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Geoparks are natural areas that aim to protect and make sustainable use of the Earth’s heritage.
The entirety of Hakusan City, Ishikawa Prefecture, is designated as the Hakusan Tedorigawa Geopark.

Beneath the symbol of Mt. Hakusan people and nature live together,
in scenery that hides the Story of the Land.
The mountains, the rivers, the sea, and snow.
Find the Journey of Water which brings life,
and the Journey of Stone that follows.

Experience the workings of the Earth here, in the Hakusan Tedorigawa Geopark.

The Story of the Land, the People, and Nature


The Formation
of the Land

The land that makes up the Hakusan Tedorigawa Geopark records approximately 300 million years of history. From rocks formed by the collision of continents, to strata containing fossils from the time of the dinosaurs, to volcanic deposits formed during the rifting of the Sea of Japan, to recent volcanic deposits from the eruption of the still-active Mt. Hakusan.
The formation
of the earth

The Ever-Moving,
Ever-Changing Earth

The land of the Hakusan Tedorigawa Geopark was not always located where it currently is. It was once connected to the Eurasian Plate. When the Sea of Japan began to rift open, parts of the land spread away from the continent, and were broken up, pushed, and pulled in all directions. Eventually a thin-spot formed, causing magma to erupt up from the mantle in a chain of volcanoes. These were then eroded by rain and snow, and the eroded sediment was deposited. All of the elements of this ever-evolving story are preserved here in Hakusan City.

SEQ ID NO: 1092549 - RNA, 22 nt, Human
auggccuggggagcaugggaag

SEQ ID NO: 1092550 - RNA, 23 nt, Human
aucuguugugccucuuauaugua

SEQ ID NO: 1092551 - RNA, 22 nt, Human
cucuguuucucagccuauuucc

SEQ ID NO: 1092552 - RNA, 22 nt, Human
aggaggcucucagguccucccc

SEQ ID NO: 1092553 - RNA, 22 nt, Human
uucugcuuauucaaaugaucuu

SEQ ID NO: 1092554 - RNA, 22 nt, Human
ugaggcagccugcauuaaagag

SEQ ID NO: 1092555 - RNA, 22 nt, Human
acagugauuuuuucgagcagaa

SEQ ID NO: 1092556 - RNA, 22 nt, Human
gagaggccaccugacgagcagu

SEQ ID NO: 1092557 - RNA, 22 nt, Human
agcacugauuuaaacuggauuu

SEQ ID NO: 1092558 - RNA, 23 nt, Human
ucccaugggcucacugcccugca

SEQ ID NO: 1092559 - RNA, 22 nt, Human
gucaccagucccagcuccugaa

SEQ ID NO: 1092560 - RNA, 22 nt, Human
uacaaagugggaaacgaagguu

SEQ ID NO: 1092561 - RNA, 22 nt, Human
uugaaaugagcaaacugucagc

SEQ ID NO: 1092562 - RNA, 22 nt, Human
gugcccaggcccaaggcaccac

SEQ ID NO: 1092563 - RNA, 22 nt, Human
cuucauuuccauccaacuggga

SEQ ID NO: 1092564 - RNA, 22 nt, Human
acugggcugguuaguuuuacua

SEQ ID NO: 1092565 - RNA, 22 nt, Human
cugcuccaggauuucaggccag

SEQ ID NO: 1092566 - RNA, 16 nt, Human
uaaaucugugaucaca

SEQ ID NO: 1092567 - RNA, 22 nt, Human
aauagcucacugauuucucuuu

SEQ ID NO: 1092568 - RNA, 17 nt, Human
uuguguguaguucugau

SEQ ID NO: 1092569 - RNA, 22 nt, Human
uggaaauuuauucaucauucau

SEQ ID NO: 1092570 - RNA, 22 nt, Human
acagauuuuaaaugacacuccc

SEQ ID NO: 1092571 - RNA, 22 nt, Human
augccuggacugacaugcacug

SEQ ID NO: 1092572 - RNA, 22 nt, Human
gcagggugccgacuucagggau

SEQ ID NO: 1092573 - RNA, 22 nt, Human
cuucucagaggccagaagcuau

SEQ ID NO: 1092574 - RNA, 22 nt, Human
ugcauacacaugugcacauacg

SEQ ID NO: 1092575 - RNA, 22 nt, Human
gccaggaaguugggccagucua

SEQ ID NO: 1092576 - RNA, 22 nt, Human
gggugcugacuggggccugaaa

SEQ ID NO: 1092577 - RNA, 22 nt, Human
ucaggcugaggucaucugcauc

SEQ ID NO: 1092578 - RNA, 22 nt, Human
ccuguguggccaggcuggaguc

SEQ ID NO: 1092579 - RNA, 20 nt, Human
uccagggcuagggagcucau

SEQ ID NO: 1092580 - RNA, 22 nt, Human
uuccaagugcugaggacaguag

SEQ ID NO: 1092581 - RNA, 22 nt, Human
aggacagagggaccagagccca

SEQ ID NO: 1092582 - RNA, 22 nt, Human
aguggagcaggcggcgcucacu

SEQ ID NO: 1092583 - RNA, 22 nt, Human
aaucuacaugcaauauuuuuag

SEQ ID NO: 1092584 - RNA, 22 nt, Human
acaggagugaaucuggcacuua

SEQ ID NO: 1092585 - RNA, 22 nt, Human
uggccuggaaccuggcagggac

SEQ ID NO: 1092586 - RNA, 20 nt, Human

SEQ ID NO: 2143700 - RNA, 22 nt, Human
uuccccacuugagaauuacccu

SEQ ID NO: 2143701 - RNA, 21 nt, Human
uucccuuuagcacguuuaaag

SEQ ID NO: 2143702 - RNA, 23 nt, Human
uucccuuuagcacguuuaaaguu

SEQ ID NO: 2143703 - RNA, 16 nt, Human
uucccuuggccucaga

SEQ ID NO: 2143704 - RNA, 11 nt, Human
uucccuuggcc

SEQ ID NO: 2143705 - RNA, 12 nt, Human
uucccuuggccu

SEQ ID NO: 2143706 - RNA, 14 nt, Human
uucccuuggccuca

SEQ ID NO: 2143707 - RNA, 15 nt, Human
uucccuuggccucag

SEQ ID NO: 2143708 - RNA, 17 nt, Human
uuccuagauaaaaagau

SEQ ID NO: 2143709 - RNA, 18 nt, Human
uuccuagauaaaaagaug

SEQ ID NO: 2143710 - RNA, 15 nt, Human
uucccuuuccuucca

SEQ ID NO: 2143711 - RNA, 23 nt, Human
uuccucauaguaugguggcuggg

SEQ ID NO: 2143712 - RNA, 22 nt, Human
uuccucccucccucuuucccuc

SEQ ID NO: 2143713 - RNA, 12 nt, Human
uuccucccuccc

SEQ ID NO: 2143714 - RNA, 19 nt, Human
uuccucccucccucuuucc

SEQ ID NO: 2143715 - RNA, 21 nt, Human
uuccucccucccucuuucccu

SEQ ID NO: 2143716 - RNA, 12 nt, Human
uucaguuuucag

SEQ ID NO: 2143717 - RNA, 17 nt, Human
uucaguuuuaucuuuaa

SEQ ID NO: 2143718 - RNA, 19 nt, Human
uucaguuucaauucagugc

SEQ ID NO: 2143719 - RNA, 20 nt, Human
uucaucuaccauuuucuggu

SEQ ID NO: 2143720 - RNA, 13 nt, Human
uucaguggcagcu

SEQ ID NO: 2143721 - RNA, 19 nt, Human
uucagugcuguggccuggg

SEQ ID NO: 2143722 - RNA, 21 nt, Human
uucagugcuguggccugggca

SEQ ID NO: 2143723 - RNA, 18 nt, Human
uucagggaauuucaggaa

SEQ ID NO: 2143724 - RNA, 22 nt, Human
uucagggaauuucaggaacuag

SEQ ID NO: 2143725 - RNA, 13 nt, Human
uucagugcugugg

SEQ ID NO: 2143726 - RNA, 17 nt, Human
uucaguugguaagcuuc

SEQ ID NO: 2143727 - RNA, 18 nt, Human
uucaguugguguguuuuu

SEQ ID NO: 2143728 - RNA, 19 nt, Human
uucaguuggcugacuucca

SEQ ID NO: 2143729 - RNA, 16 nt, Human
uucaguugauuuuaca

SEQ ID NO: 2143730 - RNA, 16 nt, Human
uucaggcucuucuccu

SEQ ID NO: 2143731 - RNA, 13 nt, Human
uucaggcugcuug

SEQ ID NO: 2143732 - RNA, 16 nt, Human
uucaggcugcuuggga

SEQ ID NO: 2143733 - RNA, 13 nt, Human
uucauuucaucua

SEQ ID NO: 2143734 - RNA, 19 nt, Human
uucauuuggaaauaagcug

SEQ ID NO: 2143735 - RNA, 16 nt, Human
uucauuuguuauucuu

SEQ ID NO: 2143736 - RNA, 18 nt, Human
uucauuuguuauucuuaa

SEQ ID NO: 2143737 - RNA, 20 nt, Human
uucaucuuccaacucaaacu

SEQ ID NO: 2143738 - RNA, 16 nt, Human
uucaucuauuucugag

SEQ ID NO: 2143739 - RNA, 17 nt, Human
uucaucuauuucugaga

Moving earth /
changing land

Journey of Water

This ever-changing land brought us Mt. Hakusan, whose tall peaks block the winds that blow in from the Sea of Japan, causing huge amounts of snow to deposit. In the spring this snow melts, returning to the Sea of Japan via the Tedori River. Within this small area, the Journey of Water continues.
The current
water journey

Journey of Stone

Intertwined with this Journey of Water - especially in regard to the Tedori River - is the Journey of Stone. The river breaks apart stones from the easily eroded mountains, and carries them downstream, carving deep into the river banks as it moves. These various stones make up the foundation of the Tedori River Alluvial Fan, and there are many stones in the river still undergoing their journey.